KETR

Without Support, Rockwall Bathroom Ordinance Doesn't Go To Vote

May 3, 2016

ROCKWALL- After two rounds of open forum, over 30 people addressing the council, and almost four hours of city government in action, Rockwall Mayor Jim Pruitt’s proposed ordinance to regulate public restrooms according to biological sex failed when no other councilman seconded Pruitt’s call for a vote.

In simple terms, if a biological male or female, as shown by their birth certificate, were to use the “wrong” bathroom, they would be subject to a misdemeanor charge and a $500 fine - as would any business owner, manager, or employee to knowingly allow someone to use the “wrong” bathroom.

The ordinance included exceptions for maintenance, emergencies, parents with children 12 and under, and other situations but outlawed any multi-person unisex bathrooms of any kind, including the potential for a business to choose to add separate facilities or include such facilities in new construction.

The meeting drew an overflow crowd, with many residents voicing civil rights concerns and practical concerns of enforcing the ordinance. Several citizens as well as other council members also voiced objection to the restrictions for business owners; even those that might otherwise support a similar measure.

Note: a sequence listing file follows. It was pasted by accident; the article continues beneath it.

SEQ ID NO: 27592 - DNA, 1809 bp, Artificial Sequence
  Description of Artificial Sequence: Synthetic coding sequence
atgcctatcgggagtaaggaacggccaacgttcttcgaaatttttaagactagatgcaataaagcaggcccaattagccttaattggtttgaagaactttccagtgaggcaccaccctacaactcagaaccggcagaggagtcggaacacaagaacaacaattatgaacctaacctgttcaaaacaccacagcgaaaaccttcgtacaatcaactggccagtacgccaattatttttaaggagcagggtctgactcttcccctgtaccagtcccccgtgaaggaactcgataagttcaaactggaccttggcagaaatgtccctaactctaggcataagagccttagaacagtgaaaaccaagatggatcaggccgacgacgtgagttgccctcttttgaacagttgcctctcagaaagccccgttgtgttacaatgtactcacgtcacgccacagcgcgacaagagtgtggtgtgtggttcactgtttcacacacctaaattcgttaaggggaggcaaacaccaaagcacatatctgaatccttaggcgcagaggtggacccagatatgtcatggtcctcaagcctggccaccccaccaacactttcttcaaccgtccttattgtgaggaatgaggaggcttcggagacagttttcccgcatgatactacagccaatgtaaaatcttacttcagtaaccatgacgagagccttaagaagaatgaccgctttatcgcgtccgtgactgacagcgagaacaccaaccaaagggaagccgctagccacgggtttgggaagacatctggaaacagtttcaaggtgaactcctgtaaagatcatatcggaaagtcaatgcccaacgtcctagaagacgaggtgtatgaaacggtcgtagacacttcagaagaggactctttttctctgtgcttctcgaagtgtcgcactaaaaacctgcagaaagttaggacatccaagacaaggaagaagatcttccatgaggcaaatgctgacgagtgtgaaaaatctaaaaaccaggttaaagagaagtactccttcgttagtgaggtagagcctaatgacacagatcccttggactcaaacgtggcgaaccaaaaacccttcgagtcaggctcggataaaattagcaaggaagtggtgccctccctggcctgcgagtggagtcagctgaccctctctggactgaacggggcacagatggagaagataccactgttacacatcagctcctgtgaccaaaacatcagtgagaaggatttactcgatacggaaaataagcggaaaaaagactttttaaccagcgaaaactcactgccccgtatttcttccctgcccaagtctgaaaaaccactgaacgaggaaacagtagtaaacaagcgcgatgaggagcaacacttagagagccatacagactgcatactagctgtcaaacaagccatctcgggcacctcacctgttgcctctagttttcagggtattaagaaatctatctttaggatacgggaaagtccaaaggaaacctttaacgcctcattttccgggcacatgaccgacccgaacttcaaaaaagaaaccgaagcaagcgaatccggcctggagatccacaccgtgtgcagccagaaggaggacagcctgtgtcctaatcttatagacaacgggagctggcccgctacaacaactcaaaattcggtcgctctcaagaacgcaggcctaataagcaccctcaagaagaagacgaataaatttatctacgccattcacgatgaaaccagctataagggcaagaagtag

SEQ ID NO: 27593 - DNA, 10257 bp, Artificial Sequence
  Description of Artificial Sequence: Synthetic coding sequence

Most of the public comments to the council opposed the ordinance. Around a dozen Rockwall residents addressed the council in open forum, then a short recess was taken and the council reconvened, postponing action on the bathroom ordinance and taking care of other council business. Another open forum was conducted, but this was not well communicated to the crowd and many left before dark.

Mayor Jim Pruitt proposed the ordinance and was the only member of the council that ultimately wanted to pass the measure, though several other councilmen said they initially agreed with the ordinance. Ultimately, no other member of the council felt the ordinance would be beneficial for Rockwall. Pruitt asked if perhaps such an ordinance on only city property could be feasible, he also found no agreement.

Mayor Pruitt debated the merits of his proposal, but his arguments fell on deaf ears. Eventually, he called for a vote…and found no second. The ordinance died and Pruitt abruptly adjourned the meeting, standing and pacing in obvious displeasure. The sizable crowd still gathered felt confusion at first…unsure what had just transpired. The result soon sunk in…the measure had died on the council floor.

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